To lose your mobile phone is unfortunate but to flush it down the toilet is especially careless, although common, if new figures are to be believed. Research suggests that 885,000 (drunk and sober) subjects of Queen Elizabeth helplessly watch their handsets disappearing into the ‘black hole’ every year. That’s roughly £342 million flushing (not contributing) to Her Majesty’s sewage network. The study also reveals that 810,000 mobiles were left in the pub each year, with 315,000 left in the back of a taxi and 225,000 on a bus. Pet dogs in UK apparently chewed their way through 58,500 handsets last year, while another 116,000 went through a spin cycle with the dirty laundry, reports The Telegraph.
Hutchison exits India and Vodafone enters. Will this accelerate Indian mobile growth to Indonesia and Pakistan levels? No clear evidence of increased investment; new pricing strategies, etc. yet. BBC NEWS | Business | Vodafone buys Indian mobile firm Vodafone has bought a controlling stake in Indian mobile phone firm Hutchison Essar for $11.
LIRNEasia, Sarvodaya and the partners of the HazInfo project have been saying this and more importantly implementing this. Hope the message will be heard. Reuters AlertNet – News – Prevention spending must be doubled Governments, aid agencies and humanitarian actors must spend twice as much on disaster preparedness activities that could save millions of lives, the British Red Cross has urged.Almost two years on from the devastating Indian Ocean tsunami, risk reduction remains low on the international agenda despite encouraging progress in tsunami-affected regions themselves. “The tsunami highlights the importance of proactively preparing for disasters and this lesson must be learnt and risk reduction must become a high priority in all disaster-prone areas,” said David Peppiatt, British Red Cross head of policy.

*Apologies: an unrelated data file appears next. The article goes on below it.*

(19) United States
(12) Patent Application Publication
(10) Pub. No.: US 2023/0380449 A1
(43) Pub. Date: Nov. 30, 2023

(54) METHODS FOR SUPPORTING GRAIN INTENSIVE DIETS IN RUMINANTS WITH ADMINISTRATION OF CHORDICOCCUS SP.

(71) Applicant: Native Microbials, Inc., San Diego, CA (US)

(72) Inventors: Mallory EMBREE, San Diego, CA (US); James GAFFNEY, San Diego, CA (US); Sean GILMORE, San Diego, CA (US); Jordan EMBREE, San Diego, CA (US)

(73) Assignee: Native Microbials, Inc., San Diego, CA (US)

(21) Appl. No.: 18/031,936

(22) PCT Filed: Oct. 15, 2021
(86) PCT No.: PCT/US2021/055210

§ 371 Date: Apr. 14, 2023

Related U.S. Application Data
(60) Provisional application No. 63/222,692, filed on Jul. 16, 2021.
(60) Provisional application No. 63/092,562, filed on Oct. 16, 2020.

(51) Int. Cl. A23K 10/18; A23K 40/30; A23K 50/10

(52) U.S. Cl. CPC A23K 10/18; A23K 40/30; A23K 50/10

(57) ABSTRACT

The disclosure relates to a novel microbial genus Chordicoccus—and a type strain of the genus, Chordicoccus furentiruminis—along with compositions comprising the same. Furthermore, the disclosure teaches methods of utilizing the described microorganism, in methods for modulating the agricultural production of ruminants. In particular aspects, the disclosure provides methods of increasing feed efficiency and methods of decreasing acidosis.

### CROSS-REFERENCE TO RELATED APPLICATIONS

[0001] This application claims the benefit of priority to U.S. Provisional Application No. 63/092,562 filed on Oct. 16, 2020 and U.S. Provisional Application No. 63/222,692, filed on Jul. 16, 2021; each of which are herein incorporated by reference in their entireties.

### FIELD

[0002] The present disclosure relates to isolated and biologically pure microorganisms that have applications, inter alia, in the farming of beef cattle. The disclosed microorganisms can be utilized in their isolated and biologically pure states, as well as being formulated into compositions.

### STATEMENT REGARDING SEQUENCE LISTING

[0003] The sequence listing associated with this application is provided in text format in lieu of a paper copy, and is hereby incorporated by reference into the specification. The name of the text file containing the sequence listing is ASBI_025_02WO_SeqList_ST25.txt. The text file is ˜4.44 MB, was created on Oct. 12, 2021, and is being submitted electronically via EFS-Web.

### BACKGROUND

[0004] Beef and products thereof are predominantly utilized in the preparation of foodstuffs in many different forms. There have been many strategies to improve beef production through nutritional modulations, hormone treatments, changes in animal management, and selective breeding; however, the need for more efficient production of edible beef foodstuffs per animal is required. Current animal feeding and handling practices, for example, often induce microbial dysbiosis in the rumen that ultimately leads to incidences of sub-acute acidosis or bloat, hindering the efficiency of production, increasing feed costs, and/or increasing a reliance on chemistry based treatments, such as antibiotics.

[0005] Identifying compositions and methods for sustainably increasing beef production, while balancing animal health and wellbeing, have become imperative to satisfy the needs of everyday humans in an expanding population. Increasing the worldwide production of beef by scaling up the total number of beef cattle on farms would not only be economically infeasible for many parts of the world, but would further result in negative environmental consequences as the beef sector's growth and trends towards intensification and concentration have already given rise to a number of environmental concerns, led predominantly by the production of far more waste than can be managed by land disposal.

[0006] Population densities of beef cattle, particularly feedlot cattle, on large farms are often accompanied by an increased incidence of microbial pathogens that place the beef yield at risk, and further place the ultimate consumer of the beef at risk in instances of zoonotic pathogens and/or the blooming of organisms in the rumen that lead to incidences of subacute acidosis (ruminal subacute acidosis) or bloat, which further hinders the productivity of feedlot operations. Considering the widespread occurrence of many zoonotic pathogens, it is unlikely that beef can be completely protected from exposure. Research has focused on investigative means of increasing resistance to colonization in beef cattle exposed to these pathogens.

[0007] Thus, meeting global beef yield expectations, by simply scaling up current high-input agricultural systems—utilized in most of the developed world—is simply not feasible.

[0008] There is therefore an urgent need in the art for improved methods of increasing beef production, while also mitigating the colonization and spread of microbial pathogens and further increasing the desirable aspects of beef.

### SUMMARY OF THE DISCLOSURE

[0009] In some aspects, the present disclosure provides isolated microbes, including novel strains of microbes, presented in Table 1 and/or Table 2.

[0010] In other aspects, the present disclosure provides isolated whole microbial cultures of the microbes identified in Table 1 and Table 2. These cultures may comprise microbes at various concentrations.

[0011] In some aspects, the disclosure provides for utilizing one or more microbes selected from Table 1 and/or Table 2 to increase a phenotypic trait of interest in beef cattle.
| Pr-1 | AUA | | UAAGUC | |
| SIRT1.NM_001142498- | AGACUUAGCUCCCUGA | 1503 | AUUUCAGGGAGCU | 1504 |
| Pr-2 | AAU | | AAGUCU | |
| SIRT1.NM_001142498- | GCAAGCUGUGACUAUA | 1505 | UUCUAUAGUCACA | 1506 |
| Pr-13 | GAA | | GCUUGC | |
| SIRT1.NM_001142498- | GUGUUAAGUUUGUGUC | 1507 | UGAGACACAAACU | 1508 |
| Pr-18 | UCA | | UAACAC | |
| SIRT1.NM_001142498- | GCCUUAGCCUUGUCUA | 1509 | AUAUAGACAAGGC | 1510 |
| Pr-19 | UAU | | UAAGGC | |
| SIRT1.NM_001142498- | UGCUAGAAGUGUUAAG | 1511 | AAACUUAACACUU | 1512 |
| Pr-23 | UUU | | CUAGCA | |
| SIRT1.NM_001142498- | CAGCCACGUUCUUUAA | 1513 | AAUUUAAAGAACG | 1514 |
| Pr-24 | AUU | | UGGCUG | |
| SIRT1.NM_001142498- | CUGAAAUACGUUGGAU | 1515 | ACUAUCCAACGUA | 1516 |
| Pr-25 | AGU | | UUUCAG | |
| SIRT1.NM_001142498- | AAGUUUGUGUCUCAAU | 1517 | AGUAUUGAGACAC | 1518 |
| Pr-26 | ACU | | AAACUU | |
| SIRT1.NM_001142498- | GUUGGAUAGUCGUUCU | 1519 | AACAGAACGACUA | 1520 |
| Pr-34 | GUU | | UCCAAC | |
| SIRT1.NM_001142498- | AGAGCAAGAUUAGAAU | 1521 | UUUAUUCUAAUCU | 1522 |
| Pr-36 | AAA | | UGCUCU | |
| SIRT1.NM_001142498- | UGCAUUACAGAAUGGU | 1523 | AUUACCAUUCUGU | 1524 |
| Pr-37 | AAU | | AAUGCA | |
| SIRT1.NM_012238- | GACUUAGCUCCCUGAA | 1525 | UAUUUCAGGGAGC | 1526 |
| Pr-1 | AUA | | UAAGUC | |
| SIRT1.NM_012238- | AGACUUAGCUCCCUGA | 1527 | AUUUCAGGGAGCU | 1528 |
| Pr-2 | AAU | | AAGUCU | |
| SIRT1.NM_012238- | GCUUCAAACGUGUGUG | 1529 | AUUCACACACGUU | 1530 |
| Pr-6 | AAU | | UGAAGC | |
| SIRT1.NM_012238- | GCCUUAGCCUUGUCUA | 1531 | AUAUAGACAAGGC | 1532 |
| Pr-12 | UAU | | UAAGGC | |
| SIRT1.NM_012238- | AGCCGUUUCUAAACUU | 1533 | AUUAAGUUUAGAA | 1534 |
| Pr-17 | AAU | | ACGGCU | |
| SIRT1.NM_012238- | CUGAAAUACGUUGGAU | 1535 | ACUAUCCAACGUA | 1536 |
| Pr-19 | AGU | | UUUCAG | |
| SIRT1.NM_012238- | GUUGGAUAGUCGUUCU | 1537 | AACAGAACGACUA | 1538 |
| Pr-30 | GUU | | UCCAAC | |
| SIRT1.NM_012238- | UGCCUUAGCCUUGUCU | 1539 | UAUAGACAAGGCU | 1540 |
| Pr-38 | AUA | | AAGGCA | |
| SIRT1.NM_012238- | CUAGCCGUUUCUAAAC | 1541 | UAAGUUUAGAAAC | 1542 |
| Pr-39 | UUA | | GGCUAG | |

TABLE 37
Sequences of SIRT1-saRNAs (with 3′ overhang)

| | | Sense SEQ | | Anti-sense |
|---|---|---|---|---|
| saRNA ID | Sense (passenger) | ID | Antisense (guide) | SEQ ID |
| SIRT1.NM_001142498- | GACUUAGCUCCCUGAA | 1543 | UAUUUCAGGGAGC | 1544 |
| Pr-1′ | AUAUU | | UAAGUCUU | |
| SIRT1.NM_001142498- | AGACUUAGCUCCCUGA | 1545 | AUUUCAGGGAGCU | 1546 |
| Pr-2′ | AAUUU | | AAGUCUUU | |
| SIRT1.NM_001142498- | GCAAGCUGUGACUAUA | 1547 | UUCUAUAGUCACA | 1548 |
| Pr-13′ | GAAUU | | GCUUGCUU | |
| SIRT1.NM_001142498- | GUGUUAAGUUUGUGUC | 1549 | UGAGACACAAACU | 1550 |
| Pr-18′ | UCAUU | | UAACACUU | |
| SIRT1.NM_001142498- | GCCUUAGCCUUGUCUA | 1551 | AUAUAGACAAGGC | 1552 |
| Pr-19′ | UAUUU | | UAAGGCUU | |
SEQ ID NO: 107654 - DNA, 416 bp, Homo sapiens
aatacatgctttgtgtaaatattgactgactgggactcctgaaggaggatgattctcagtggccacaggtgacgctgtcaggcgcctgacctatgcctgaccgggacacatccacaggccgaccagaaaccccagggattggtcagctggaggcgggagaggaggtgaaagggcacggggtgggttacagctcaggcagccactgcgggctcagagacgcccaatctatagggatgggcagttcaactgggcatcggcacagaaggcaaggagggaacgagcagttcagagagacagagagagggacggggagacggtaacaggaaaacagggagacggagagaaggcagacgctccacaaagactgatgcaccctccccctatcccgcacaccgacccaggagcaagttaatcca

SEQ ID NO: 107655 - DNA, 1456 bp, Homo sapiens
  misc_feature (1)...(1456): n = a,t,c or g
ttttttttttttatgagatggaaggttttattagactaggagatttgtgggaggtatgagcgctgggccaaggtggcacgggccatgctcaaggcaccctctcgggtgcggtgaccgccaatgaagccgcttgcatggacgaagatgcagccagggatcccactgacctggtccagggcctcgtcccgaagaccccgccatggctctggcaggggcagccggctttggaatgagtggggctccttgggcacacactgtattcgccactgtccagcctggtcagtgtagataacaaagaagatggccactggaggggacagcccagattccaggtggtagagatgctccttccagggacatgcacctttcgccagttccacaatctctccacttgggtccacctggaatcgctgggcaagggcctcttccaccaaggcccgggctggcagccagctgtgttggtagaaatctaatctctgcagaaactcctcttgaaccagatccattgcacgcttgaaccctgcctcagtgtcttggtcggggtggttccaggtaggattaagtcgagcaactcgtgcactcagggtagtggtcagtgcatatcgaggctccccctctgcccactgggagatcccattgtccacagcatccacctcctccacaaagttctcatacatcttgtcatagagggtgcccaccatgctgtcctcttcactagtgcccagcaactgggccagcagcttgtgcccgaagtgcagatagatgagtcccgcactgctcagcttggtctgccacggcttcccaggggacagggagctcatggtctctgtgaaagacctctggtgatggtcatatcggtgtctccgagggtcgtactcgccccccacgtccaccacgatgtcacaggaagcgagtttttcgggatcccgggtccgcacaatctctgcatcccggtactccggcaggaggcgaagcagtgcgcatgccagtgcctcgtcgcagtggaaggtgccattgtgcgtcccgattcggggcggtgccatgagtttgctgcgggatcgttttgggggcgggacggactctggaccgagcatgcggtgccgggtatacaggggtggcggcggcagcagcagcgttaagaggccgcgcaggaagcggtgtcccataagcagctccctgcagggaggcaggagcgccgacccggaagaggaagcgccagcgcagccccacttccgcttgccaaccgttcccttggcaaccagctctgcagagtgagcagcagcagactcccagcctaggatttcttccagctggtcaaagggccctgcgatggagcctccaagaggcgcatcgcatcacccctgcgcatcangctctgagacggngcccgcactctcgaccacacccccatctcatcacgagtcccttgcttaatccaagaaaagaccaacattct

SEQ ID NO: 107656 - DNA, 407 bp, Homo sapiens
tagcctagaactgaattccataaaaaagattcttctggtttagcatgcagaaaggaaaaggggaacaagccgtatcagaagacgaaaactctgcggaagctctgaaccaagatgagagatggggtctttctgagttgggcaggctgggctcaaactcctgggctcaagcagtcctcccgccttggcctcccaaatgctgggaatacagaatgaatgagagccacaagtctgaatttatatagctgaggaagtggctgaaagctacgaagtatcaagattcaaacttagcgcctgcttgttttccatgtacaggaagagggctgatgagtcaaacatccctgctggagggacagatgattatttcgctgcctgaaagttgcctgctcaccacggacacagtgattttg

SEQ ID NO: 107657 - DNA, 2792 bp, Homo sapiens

“Norwich is pioneering a free wi-fi project which covers three sectors of the UK city and its centre. The £1.1m, 18-month pilot has been live for three weeks and is backed by the East of England Development Agency. Paul Adams, from Norfolk county council said: “It allows people to see the benefit of wireless technology.” The city centre, county hall and educational establishments such as the university all have wi-fi access.
by Martyn Warwick – 28/4/2006 11:57:47 http://www.telecomtv.com/news.asp?cd_id=6652&url=news.